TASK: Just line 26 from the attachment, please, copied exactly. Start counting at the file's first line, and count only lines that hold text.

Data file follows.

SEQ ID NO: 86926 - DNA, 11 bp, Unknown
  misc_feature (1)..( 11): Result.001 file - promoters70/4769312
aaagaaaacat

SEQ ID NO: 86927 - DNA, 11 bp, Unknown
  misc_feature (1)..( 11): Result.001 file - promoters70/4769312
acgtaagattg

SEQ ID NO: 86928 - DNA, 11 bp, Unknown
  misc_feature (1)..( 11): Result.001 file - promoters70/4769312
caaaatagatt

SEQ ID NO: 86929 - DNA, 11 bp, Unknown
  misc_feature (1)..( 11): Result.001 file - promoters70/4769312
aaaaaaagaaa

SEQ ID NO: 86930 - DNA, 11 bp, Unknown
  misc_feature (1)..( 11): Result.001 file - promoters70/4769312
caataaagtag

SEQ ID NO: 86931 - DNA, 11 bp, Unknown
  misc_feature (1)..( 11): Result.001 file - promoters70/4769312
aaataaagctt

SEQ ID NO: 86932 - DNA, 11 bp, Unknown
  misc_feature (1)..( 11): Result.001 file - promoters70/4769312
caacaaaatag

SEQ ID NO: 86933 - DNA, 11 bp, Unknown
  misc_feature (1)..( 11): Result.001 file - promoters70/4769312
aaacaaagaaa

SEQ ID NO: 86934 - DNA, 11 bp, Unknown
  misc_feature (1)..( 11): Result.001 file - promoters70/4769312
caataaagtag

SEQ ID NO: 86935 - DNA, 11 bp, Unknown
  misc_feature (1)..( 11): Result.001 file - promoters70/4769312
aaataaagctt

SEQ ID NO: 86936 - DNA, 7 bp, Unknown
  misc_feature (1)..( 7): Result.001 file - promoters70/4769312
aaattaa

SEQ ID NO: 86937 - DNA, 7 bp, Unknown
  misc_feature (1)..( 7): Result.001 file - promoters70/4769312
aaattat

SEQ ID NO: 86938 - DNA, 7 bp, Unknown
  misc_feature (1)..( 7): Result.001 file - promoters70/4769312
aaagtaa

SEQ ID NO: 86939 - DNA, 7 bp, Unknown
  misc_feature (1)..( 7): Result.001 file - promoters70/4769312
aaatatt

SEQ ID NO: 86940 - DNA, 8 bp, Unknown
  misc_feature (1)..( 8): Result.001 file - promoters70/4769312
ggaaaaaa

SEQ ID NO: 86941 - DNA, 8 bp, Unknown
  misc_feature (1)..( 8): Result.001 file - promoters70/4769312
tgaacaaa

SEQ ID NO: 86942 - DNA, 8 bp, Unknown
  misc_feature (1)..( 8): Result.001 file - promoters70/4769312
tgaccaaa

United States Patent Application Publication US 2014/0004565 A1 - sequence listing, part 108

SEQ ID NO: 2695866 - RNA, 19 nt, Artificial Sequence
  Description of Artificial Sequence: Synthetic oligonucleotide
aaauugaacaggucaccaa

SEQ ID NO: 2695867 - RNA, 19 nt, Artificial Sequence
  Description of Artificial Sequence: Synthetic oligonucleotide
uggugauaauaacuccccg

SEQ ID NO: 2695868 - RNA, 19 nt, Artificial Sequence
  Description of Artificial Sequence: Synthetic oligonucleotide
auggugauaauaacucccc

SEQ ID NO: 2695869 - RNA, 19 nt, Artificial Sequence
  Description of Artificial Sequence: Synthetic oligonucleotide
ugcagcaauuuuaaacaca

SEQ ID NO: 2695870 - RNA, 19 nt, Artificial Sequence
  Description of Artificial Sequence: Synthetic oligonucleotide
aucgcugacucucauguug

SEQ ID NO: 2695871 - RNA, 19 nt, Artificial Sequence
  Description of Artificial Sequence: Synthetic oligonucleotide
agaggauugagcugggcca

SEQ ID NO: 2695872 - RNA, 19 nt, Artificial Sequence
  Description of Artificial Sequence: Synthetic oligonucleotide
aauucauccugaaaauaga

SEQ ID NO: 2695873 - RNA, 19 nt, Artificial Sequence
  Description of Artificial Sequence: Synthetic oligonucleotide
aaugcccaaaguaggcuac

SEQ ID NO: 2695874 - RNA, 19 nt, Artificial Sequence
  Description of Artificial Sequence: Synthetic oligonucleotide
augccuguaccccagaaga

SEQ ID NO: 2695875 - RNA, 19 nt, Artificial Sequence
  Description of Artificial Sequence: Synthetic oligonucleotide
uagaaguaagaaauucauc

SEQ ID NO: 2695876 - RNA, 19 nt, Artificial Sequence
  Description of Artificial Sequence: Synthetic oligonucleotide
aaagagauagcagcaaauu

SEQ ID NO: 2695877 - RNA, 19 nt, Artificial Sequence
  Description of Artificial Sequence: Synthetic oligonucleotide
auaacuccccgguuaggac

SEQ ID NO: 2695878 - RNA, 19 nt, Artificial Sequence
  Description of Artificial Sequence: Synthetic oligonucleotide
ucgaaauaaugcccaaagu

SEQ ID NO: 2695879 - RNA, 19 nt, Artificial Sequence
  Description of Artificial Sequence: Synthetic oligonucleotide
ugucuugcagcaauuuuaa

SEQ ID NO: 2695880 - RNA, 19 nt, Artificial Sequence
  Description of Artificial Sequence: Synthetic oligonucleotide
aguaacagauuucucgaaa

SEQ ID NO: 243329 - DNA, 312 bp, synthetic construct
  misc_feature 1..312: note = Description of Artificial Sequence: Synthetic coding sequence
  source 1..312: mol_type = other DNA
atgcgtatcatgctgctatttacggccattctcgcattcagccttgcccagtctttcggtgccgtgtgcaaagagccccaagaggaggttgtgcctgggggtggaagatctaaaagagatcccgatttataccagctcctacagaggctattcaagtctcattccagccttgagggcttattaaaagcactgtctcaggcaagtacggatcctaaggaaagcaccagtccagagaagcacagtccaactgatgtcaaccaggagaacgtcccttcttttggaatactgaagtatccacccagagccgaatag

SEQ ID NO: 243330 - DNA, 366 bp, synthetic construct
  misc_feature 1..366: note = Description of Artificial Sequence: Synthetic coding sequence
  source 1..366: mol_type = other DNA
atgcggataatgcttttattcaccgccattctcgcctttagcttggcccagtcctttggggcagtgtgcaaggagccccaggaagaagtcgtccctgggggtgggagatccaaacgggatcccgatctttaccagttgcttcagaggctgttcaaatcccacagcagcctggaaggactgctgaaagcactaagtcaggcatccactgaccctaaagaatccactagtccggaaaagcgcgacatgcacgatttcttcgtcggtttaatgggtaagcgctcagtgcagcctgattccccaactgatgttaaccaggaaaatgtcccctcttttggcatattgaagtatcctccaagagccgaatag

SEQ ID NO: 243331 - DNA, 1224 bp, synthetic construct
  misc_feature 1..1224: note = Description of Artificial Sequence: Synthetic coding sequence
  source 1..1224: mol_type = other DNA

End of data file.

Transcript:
  misc_feature (1)..( 11): Result.001 file - promoters70/4769312